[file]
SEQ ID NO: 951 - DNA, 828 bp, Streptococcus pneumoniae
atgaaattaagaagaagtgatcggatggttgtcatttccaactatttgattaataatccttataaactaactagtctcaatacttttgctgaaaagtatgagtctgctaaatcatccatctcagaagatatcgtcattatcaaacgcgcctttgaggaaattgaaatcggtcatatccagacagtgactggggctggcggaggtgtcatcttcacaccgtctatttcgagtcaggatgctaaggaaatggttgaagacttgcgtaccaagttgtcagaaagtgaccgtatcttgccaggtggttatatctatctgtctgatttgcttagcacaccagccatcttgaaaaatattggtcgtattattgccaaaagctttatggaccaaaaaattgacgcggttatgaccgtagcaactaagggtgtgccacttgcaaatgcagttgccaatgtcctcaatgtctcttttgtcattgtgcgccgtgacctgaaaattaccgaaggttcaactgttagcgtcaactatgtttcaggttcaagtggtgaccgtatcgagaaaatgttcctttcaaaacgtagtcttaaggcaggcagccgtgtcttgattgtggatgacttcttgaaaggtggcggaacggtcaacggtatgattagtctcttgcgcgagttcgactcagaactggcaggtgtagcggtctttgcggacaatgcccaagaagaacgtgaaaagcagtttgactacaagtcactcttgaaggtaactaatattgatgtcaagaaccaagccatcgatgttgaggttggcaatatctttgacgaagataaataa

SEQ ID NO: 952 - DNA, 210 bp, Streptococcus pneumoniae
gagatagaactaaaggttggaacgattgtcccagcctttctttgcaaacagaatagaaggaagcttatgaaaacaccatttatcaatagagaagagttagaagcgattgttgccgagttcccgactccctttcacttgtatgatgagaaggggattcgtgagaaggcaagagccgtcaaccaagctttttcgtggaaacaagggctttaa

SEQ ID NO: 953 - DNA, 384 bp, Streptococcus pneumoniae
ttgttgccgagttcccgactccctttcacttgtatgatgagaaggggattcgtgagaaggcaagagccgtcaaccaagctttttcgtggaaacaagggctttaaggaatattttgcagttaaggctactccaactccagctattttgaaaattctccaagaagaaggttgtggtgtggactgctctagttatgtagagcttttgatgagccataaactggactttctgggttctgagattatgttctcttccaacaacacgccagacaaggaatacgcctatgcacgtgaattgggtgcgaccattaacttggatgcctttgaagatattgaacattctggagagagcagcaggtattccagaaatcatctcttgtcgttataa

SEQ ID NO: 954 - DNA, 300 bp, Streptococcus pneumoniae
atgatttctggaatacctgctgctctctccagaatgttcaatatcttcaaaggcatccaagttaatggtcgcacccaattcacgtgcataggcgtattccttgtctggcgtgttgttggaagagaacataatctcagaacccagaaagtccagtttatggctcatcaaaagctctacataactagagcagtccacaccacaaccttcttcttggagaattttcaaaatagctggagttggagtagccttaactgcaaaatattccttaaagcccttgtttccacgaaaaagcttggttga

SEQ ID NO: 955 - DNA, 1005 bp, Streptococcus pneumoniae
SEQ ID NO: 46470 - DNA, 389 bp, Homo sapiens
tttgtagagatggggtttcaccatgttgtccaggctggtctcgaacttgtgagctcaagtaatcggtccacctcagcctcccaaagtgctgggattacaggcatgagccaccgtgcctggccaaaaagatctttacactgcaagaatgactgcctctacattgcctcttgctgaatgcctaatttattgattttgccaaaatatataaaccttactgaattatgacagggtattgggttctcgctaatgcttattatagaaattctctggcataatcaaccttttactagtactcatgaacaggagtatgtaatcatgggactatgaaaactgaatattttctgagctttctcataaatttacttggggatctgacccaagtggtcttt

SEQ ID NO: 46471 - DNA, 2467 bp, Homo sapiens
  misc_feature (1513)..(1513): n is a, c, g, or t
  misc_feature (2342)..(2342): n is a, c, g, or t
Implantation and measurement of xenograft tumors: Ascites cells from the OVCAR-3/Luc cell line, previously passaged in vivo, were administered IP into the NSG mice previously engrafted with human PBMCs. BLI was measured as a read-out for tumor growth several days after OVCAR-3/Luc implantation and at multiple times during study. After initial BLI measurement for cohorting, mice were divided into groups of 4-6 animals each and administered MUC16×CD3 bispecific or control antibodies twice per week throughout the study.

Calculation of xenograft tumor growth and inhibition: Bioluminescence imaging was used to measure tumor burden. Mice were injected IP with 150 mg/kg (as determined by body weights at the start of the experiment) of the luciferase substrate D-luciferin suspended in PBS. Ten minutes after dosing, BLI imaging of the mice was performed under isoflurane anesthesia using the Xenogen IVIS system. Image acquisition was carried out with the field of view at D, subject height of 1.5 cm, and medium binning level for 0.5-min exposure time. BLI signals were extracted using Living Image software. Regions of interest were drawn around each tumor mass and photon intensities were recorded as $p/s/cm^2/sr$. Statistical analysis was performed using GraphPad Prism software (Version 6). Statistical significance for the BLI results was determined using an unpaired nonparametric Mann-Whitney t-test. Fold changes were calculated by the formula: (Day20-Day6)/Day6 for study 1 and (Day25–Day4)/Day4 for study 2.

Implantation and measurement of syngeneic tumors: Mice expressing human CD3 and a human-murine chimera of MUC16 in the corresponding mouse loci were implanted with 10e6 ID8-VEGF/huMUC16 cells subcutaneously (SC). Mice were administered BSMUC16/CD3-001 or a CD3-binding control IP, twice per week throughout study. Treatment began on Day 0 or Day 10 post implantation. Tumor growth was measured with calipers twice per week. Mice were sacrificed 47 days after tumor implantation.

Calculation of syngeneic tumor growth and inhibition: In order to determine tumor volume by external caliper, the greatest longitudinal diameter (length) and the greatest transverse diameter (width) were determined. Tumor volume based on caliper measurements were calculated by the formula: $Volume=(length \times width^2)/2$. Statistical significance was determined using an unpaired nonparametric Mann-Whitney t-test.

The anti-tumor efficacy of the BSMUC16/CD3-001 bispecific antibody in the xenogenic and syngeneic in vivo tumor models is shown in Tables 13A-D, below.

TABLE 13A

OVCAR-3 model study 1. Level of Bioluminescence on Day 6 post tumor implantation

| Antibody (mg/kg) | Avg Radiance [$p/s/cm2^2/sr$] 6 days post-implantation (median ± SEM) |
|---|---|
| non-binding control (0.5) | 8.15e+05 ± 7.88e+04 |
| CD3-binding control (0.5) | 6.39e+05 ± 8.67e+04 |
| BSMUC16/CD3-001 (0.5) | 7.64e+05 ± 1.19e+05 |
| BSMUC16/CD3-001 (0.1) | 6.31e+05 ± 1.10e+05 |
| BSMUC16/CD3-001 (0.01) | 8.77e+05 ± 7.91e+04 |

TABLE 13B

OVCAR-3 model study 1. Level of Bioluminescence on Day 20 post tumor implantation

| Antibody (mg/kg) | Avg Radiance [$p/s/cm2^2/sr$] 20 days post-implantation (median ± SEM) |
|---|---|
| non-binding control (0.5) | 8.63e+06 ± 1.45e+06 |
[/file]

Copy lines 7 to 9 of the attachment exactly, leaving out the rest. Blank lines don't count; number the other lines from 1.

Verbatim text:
SEQ ID NO: 954 - DNA, 300 bp, Streptococcus pneumoniae
atgatttctggaatacctgctgctctctccagaatgttcaatatcttcaaaggcatccaagttaatggtcgcacccaattcacgtgcataggcgtattccttgtctggcgtgttgttggaagagaacataatctcagaacccagaaagtccagtttatggctcatcaaaagctctacataactagagcagtccacaccacaaccttcttcttggagaattttcaaaatagctggagttggagtagccttaactgcaaaatattccttaaagcccttgtttccacgaaaaagcttggttga

SEQ ID NO: 955 - DNA, 1005 bp, Streptococcus pneumoniae